|Publication number||US3711870 A|
|Publication date||Jan 23, 1973|
|Filing date||Dec 7, 1971|
|Priority date||Dec 7, 1971|
|Publication number||US 3711870 A, US 3711870A, US-A-3711870, US3711870 A, US3711870A|
|Original Assignee||R Deitrick|
|Export Citation||BiBTeX, EndNote, RefMan|
|Patent Citations (1), Non-Patent Citations (2), Referenced by (75), Classifications (5)|
|External Links: USPTO, USPTO Assignment, Espacenet|
United States Patent [191 Deitrick 1 Jan. 23, 1973 1 1 ARTIFICIAL LENS IMPLANT  Inventor: Rollin E. Deitrick, 1020 Deepwood Court, Winston-Salem, N.C. 27104  Filed: Dec. 7, 1971 211 Appl. No.: 205,626
 U.S. Cl ..3/l3, 3/1  Int. Cl. ..A6lf 1/16, A6lf H24  Field of Search ..3/1, 13; 351/160  References Cited UNITED STATES PATENTS 2,952,023 9/1960 Rosen ..3/l3
OTHER PUBLICATIONS A weightless lseikonic lntraocular Lens" by G. W. Weinstein et 211., American Journal of Ophthalmology, Vol.58, No. 1, July 1964, pages 7378, FIGS. 3 and 4 relied upon.
Artificial Corneal Endothelium Tested", Journal of the American Medical Assoc., Vol. 198, No. 6, Nov. 7, 1966, pages 40-41.
Primary ExaminerRichard A. Gaudet Assistant ExaminerRonald L. Frinks Att0rney-W. L. Williamson  ABSTRACT A lens suitable for implantion in the eye isprovided with a resilient flange and the flange is sutured to the ciliary muscle of the eye to position and retain the lens in the same position as the original lens.
2 Claims, 2 Drawing Figures PATENTEUJAN23 I975 3,711,870
INVENTOR. R. E. DE|TR|CK ATTORNEY ARTIFICIAL LENS IMPLANT BACKGROUND OF THE INVENTION This invention relates to improvements in ophthalmology and in particular with the provision of an artificial lens transplant within the posterior chamber of the eye for refractive correction of cataracts.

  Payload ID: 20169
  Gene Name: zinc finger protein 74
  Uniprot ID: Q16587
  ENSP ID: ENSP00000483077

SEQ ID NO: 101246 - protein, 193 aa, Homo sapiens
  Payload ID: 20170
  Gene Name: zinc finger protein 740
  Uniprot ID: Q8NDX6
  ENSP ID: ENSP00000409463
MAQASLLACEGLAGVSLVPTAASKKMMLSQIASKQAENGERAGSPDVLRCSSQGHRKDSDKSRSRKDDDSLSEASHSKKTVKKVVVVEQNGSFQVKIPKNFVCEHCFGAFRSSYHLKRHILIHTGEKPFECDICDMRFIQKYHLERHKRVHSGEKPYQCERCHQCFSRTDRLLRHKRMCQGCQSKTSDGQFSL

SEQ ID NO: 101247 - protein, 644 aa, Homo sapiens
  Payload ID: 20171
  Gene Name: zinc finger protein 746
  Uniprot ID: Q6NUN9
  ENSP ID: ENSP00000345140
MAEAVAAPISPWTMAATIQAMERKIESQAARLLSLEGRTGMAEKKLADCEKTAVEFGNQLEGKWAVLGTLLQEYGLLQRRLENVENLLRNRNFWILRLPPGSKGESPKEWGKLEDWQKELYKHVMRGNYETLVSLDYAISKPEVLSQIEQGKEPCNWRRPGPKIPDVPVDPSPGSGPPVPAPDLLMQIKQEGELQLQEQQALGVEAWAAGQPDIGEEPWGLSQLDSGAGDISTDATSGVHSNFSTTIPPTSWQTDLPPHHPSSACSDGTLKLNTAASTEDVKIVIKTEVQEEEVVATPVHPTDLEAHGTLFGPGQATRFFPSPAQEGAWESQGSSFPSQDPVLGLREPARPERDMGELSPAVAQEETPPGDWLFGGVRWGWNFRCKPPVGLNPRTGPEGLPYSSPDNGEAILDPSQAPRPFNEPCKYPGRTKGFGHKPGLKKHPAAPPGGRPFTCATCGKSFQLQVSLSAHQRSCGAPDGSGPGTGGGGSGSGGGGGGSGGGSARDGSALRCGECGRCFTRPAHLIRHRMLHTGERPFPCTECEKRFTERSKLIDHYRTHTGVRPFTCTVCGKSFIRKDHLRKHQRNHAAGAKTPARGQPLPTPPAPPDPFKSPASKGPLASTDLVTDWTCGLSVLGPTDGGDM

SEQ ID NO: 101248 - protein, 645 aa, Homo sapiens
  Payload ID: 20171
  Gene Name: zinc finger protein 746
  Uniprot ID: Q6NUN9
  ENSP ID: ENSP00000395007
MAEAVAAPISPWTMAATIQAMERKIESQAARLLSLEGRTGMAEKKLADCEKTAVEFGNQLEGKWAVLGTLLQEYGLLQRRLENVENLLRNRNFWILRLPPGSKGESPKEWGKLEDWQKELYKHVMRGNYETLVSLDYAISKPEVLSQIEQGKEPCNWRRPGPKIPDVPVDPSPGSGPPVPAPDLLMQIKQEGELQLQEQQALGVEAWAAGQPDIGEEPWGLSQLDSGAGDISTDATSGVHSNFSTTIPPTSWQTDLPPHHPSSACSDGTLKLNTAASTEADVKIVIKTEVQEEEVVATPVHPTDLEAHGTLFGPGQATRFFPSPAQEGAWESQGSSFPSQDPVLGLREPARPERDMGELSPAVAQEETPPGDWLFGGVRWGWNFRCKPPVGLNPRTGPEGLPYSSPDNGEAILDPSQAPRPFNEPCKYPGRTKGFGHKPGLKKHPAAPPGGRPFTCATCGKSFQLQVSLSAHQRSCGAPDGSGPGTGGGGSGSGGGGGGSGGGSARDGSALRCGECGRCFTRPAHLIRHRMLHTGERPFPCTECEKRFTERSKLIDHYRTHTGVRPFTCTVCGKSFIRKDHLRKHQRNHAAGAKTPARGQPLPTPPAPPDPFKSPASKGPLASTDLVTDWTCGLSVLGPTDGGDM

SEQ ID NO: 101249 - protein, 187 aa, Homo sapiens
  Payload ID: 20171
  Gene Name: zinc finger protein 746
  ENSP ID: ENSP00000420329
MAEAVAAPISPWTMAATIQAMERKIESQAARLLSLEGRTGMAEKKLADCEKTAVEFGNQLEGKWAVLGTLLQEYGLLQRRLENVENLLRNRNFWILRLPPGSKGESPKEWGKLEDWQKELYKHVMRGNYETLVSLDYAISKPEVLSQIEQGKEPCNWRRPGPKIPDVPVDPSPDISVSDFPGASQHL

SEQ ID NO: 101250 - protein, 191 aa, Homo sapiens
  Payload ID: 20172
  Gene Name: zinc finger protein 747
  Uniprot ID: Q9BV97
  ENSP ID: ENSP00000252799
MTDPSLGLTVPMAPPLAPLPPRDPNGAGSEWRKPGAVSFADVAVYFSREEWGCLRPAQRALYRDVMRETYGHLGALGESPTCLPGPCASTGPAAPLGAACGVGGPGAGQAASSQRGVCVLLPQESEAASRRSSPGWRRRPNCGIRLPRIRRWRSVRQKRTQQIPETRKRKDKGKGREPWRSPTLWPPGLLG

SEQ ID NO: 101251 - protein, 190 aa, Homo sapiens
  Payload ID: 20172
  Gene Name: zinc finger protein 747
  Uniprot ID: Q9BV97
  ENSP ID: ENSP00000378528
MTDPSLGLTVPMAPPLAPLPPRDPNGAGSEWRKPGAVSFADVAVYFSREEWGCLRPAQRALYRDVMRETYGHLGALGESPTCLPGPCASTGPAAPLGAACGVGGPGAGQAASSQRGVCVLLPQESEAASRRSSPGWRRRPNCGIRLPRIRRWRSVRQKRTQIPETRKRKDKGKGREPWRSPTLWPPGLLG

As is well known, cataracts gradually cause blindness due to the original lens of the eye progressively becoming opaque. When the lens becomes sufficiently opaque, it becomes necessary to perform an intra-capsular operation to remove the lens. With the original lens removed, it becomes necessary to provide artificial lenses to focus images on the retina and restore useful vision.
Presently, it is the practice to provide powerful lenses mounted in spectacle frames to provide the necessary correction. However, there are many disadvantages to this solution. For example, the lenses are quite heavy, peripheral vision is restricted and binocular vision is not satisfactorily obtainable. Also, when the lens of only one eye is removed, proper focusing is virtually impossible to obtain.
There have been attempts to place an artificial lens within the eye, but heretofore this has not proven successful. For example, it has been proposed to float a lens within the eye on the vitreous humor in essentially the same position as the original lens. The difficulty with this solution is that the lens is susceptable to objectionable movement and may sink into the vitreous humor. It has also been proposed to mount a lens in the anterior chamber. The difficulty with this situation is that the lens does not have the same position as the original lens and damage to the eye results from the mounting of the lens in this forward position.
SUMMARY OF THE INVENTION It has been discovered that by providing a lens with a resilient flange, the flange can be sutured to the ciliary muscle to position the lens radially and axially thereby retaining the lens in the same position as the original lens, i.e., directly behind the iris in the posterior chamber. It has been found that the resilient flange absorbs any shocks experienced by the eye and does not damage the eye when attached to the ciliary muscle.